New York has seen twenty-first-century buildings in early-twentieth-century drag before, but 30 Park Place stands out, both for its size [...] and for its location—cheek-by-jowl with some of the most ambitious buildings to emerge from the current high-rise boom [...]
“We’re transposing a nineteen-thirties language to lower Manhattan, which has gotten overrun with glass and abstraction,” the architect said in a recent interview. “People want to look at buildings and make connections.” — newyorker.com
Robert A.M. Stern Architects in the Archinect news:Robert A.M. Stern to step down as Dean of Yale School of ArchitectureThis $250M mega penthouse might become New York's priciest homeNYC’s Most Expensive Condo to Be Listed at $130 Million"Unfashionably Fashionable" - Justin...
Ian Quate and Colleen Tuite are the co-founders of “nomadic landscape architecture studio” GRNASFCK, based in New York City. The two began collaborating as graduate students at RISD in 2011, bringing Quate’s knowledge of botany and landscape architecture together with Tuite’s art practice...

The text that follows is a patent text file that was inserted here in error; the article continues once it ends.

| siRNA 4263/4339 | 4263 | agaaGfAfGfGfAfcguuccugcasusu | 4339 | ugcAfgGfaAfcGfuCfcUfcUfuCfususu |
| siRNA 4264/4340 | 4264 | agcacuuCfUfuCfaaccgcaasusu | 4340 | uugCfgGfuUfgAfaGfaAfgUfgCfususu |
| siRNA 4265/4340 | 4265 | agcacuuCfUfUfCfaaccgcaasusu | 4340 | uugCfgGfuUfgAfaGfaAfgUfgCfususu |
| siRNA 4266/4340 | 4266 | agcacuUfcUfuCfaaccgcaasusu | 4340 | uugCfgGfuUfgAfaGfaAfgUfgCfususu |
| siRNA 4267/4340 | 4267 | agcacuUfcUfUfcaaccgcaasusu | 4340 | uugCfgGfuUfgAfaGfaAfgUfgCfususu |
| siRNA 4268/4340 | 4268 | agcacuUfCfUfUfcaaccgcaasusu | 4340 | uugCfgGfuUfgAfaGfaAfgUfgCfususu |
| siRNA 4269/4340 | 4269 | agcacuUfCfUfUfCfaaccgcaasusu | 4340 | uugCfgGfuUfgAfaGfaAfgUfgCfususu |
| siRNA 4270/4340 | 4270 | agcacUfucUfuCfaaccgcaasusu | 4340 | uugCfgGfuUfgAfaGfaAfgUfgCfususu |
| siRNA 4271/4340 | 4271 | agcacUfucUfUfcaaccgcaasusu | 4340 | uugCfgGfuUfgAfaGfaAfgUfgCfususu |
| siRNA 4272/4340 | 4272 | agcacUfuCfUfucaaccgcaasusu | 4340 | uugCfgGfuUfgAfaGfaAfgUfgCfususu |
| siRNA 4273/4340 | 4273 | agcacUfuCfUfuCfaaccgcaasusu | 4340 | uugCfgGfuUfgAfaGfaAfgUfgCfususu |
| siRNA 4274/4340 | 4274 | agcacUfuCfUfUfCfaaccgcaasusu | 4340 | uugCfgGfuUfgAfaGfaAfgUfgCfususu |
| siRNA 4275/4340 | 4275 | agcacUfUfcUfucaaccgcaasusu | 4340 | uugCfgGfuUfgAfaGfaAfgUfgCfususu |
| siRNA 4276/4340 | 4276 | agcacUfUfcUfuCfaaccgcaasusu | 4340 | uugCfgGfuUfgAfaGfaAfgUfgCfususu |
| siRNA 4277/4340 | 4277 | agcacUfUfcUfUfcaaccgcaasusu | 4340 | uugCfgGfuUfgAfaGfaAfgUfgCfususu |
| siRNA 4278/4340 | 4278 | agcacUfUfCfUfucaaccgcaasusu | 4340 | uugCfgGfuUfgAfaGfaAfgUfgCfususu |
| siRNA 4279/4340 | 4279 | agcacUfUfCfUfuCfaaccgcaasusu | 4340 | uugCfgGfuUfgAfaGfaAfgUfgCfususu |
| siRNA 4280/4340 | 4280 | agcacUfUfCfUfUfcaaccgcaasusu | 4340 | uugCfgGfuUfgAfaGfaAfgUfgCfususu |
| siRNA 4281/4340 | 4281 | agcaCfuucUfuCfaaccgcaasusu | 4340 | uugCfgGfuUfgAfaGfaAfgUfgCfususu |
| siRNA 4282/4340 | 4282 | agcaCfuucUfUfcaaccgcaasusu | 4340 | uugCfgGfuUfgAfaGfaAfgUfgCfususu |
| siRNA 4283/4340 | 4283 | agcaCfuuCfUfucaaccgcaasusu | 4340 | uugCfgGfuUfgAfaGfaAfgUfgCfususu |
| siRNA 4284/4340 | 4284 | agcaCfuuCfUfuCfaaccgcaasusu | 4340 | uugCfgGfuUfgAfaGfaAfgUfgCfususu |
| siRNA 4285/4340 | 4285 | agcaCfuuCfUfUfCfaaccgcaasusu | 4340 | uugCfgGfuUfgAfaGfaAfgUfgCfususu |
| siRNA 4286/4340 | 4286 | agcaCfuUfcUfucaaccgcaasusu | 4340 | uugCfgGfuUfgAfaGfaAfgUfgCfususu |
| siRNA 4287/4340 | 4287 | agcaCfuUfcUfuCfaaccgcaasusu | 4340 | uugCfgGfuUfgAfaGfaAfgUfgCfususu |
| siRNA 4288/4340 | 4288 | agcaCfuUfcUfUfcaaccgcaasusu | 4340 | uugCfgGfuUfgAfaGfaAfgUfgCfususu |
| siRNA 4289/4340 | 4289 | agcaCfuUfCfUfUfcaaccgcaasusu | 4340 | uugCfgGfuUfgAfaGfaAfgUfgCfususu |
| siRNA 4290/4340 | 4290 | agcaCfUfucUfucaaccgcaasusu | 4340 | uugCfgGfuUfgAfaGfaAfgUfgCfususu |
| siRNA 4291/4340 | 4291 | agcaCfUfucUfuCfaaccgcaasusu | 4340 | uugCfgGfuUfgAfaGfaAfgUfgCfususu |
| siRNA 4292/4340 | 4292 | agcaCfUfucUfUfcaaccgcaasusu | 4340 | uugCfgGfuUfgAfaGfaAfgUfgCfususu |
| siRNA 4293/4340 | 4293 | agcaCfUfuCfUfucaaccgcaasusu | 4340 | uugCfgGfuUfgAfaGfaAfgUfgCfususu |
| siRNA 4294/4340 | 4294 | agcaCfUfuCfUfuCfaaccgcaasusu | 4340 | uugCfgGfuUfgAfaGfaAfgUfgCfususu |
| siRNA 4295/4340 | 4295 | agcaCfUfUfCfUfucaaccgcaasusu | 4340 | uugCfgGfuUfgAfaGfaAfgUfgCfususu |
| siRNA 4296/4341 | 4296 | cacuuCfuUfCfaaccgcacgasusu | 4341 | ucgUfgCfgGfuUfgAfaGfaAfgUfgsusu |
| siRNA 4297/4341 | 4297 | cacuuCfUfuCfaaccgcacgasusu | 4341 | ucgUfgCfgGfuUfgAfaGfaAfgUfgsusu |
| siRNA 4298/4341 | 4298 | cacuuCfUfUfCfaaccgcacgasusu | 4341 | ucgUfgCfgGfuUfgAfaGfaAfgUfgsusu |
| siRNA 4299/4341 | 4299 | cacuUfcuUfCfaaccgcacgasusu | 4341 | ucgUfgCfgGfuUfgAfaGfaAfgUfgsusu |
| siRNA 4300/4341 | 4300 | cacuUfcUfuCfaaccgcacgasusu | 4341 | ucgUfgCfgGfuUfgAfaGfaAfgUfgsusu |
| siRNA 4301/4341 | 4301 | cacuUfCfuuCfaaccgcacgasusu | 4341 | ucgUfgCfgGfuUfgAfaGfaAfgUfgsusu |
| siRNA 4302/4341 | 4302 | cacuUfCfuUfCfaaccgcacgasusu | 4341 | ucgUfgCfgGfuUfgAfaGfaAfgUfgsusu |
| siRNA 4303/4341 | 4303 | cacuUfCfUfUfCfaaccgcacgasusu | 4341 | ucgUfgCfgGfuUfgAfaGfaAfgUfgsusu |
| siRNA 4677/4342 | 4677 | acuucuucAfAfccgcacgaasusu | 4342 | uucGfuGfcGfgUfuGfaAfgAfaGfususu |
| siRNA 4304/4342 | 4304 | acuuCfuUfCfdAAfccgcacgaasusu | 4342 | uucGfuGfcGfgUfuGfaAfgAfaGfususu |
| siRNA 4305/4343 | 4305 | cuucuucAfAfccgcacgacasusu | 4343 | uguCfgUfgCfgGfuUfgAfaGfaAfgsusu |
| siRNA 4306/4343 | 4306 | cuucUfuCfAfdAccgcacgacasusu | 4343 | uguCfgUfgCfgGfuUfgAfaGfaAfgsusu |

Every time we build something, we manipulate the conditions of people’s lives, but most planners don’t know enough about this manipulation...I have worked very hard to find out what the life is that goes on inside our buildings and how our buildings influence that life...Because if you just do form, then you are doing sculpture, but if you look after the interaction between life and form, you are doing architecture. — Metropolis
More on Archinect:Is Jan Gehl winning his battle to make our cities liveable?Jason Danziger heals psychosis with designMIT's "Placelet" sensors technologize old-fashioned observation methods for placemakingWe're suckers for any architecture that looks like usOur infrastructure is expanding to...
Islamic State blew up the ancient temple of Baal Shamin in the Unesco-listed Syrian city of Palmyra, the country’s antiquities chief has said. [...]
Baal Shamin was built in 17AD and it was expanded under the reign of Roman emperor Hadrian in 130AD. Known as the Pearl of the Desert, Palmyra, which means City of Palms, is a well-preserved oasis 130 miles north-east of Damascus. — theguardian.com
Reports of the destruction of the Unesco-listed Baalshamin temple surfaced only days after the news broke that ISIS militants had beheaded Khaled Al-Asaad, a leading Syrian archaeologist and unrivaled Palmyra expert.Meanwhile destruction in the name of so called "cultural cleansing" is also...